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Clay Cranford

By Clay Cranford

Two large Apple shareholders with a $2 billion stake have written an open letter to Apple. They are questioning the smartphone maker, saying it needs to respond to what’s seen as a “growing public health crisis” of smartphone addiction in young people.

As a School Resource Officer and as a Behavioral Threat Assessment Investigator, I have been witnessing a growing number of children struggling with depression and anxiety in our communities.

In a peer-reviewed study that appeared in the journal Clinical Psychological Science, after 2010, teens who spent more time on new media (screens) were more likely to report mental health issues than those who spent time on non-screen activities.

The study found kids who spent three hours or more a day on smartphones or other electronic devices were 34% more likely to suffer at least one suicide-related outcome—including feeling hopeless or seriously considering suicide—than kids who used devices two hours a day or less.

Among kids who used electronic devices five or more hours a day, 48% had at least one suicide-related outcome.

We cannot make the Internet and mobile devices go away, but we can limit our children’s use and filter the content they are consuming. Here is how we are going to do it:

1. Set Priorities: When your child gets home from school, set priorities on the tasks they need to get done first, such as homework and possibly chores; then entertainment screens (e.g., TV, Xbox, etc.) get turned on.

2. Set Limits: Setting limits on screen time may be the most challenging thing parents have to contend with. Screen time is defined as time spent using digital media for entertainment purposes. Other uses of media, such as online homework, don’t count as screen time.

How much screen time is too much? Today, in a world surrounded by digital media 24/7, defining screen-time limits is difficult. The American Academy of Pediatrics (AAP) recommends infants to 18-month-olds should not be exposed to any digital media. Children aged between 2 and 5 should be limited to one hour per day. For children 6 and older, research shows that two hours or less a day is ideal.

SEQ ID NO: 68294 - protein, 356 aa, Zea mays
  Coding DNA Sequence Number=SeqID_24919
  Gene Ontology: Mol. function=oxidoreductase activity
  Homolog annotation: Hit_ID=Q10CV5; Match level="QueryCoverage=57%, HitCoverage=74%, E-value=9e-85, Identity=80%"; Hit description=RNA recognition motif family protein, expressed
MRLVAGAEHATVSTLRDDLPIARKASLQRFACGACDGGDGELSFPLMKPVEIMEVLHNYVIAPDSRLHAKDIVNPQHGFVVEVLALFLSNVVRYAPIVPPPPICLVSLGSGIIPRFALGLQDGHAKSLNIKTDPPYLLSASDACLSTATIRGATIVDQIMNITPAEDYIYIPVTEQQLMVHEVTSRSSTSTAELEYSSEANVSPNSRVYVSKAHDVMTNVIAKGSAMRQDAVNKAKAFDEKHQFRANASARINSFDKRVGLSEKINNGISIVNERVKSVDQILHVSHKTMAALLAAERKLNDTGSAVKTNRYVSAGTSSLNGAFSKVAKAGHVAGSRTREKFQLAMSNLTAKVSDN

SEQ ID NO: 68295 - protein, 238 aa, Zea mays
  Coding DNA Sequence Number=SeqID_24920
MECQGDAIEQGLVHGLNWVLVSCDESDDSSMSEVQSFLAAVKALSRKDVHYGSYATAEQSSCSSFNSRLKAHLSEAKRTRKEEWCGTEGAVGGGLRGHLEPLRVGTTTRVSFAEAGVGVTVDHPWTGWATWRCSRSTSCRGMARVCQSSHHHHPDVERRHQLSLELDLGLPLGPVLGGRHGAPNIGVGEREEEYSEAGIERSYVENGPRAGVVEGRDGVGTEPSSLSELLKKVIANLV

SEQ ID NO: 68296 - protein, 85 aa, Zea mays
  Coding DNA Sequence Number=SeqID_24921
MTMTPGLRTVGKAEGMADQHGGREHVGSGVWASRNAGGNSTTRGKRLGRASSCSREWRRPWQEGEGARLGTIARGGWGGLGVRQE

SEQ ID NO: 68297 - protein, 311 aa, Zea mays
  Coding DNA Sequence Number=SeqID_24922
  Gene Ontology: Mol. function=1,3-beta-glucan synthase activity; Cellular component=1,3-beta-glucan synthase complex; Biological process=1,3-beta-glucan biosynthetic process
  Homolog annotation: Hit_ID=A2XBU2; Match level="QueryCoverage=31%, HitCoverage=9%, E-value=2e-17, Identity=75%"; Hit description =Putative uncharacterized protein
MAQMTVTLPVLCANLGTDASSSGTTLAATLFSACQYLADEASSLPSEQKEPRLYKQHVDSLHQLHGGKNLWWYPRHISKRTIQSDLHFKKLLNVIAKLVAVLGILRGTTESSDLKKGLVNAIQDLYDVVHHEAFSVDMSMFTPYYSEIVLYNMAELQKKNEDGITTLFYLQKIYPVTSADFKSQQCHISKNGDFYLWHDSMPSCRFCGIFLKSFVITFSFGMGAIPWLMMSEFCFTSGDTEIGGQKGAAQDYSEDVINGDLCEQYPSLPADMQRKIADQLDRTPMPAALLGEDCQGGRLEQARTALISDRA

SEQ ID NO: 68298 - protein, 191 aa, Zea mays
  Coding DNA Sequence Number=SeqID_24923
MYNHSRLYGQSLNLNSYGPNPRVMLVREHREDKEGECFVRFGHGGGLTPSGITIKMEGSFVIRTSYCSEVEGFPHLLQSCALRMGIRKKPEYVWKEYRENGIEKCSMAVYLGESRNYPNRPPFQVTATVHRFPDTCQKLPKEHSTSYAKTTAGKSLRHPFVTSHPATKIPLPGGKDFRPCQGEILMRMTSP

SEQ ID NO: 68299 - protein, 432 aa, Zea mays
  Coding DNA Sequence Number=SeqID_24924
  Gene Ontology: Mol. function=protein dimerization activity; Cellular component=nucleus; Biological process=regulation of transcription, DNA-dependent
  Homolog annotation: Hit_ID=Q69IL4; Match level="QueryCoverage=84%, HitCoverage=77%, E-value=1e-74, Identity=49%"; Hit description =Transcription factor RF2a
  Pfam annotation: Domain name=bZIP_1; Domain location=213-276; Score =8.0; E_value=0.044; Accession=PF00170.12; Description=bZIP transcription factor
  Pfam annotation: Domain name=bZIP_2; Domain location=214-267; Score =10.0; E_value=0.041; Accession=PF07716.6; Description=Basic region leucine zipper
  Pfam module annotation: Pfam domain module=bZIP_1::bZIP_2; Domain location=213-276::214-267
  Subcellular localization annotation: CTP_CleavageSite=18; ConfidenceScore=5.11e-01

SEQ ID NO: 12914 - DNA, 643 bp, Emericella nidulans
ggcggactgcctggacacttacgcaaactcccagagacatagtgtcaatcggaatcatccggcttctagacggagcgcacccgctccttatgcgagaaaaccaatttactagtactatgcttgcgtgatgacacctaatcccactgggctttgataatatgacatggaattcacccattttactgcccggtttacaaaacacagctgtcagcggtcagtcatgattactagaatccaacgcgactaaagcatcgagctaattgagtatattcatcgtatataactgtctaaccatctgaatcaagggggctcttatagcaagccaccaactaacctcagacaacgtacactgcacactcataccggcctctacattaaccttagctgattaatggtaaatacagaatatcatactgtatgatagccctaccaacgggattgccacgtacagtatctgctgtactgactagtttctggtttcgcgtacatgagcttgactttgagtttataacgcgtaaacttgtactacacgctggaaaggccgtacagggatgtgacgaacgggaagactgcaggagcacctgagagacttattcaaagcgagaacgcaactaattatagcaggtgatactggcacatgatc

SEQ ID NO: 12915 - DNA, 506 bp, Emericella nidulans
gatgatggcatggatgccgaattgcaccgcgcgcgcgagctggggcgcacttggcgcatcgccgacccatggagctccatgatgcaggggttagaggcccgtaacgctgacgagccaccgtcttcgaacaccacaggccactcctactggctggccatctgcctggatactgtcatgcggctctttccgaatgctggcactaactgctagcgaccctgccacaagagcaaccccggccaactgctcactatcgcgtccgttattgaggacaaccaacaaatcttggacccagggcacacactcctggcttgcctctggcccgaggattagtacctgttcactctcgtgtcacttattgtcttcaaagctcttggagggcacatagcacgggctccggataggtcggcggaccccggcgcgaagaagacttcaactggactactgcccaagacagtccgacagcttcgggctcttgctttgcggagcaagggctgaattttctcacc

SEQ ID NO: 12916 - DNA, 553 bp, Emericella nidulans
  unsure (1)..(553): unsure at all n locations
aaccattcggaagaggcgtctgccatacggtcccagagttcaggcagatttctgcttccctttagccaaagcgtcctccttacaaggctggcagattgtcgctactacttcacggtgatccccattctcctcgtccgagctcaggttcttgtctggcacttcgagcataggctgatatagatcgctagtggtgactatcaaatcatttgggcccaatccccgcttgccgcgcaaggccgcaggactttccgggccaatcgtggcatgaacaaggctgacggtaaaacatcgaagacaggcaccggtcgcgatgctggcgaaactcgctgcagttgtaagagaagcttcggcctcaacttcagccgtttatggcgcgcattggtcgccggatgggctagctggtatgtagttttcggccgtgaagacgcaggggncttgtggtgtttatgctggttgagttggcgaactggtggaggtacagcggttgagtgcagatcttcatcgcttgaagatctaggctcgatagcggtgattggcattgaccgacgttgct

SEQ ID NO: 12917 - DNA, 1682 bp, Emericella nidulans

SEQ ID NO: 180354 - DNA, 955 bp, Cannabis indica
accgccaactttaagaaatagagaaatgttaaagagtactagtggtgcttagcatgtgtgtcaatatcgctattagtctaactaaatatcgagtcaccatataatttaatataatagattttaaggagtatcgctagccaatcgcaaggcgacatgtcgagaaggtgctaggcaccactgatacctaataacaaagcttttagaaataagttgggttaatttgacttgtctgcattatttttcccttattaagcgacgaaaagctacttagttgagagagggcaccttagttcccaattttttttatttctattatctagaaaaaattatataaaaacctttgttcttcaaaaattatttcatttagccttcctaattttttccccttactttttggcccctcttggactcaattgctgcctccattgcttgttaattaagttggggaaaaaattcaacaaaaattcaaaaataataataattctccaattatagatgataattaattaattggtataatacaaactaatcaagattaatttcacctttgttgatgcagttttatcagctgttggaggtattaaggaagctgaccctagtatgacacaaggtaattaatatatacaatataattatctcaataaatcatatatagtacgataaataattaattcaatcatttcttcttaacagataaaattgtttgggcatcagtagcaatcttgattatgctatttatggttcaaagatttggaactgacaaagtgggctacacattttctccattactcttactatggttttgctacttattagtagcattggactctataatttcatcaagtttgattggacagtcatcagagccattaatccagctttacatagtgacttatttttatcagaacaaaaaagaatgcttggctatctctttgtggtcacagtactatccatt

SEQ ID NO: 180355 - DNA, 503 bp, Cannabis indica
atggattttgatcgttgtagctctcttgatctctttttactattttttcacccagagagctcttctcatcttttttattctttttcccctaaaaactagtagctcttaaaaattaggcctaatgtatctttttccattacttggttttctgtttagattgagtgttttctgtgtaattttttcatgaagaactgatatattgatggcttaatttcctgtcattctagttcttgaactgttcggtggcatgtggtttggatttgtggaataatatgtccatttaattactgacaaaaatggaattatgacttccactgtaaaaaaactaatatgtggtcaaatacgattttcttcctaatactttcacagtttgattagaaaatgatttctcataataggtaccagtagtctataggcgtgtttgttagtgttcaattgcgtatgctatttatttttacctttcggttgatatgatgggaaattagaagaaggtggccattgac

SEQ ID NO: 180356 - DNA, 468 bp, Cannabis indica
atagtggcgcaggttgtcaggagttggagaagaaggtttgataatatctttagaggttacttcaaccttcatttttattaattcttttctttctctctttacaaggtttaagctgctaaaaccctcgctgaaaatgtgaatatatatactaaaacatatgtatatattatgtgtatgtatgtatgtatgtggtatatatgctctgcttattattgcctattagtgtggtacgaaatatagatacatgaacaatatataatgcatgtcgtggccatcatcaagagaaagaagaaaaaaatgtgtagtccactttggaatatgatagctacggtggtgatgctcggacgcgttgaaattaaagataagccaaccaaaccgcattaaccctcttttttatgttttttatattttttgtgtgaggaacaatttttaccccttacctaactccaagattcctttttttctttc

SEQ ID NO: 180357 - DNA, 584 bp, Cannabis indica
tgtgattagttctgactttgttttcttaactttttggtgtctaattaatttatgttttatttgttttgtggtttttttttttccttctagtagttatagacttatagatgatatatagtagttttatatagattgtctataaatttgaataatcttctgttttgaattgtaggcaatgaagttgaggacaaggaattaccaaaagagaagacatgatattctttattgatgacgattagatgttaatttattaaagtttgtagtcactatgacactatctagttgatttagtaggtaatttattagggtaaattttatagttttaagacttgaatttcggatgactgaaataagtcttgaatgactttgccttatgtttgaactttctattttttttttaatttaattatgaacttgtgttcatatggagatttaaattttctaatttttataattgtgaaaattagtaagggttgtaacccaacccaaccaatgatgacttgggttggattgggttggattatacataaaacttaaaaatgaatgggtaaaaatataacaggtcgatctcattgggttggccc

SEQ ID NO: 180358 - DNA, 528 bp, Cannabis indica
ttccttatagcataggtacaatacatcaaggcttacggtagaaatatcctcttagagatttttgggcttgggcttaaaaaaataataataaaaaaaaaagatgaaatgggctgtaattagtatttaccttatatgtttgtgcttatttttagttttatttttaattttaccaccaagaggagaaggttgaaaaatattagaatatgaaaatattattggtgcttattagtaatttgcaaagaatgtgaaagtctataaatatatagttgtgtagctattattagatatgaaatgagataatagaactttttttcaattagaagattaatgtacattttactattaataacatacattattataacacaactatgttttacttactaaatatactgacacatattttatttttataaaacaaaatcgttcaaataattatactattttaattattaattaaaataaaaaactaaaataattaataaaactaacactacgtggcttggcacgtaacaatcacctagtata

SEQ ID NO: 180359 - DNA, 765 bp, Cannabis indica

3. Family Dinner and Screen Free Zones: Establish and enforce screen-free zones in your home. The dinner table is a great place to start when carving out screen-free zones in your home.

In fact, there is a lot of research to show that screen-free family dinner has important psychological benefits for your children.

Shared family time presents teaching opportunities for parents. The time together allows adolescents to express concerns and feel valued.

4. Engage More: It seems our “digital natives” are not as good as filling their non-structured time with physical activities as we were at their age. They may need a little help and direction. Naturally, the younger we start with our children doing this, the easier it will be.

5. Charge your teen’s mobile devices in your room at night: When your children go to bed, take their mobile devices out of their rooms and charge them in your room. Electronic devices in a bedroom after lights out is a distraction from getting a good night’s sleep.

The guidelines laid out here are not difficult to follow. They do, however, require intentionality. If this seems overwhelming, then take on the guidelines, one at a time.

Clayton Cranford is the author of ‘Parenting in the Digital World,’ which is available on He speaks at schools throughout the United States. Free cyber safety seminars for parents can be found at

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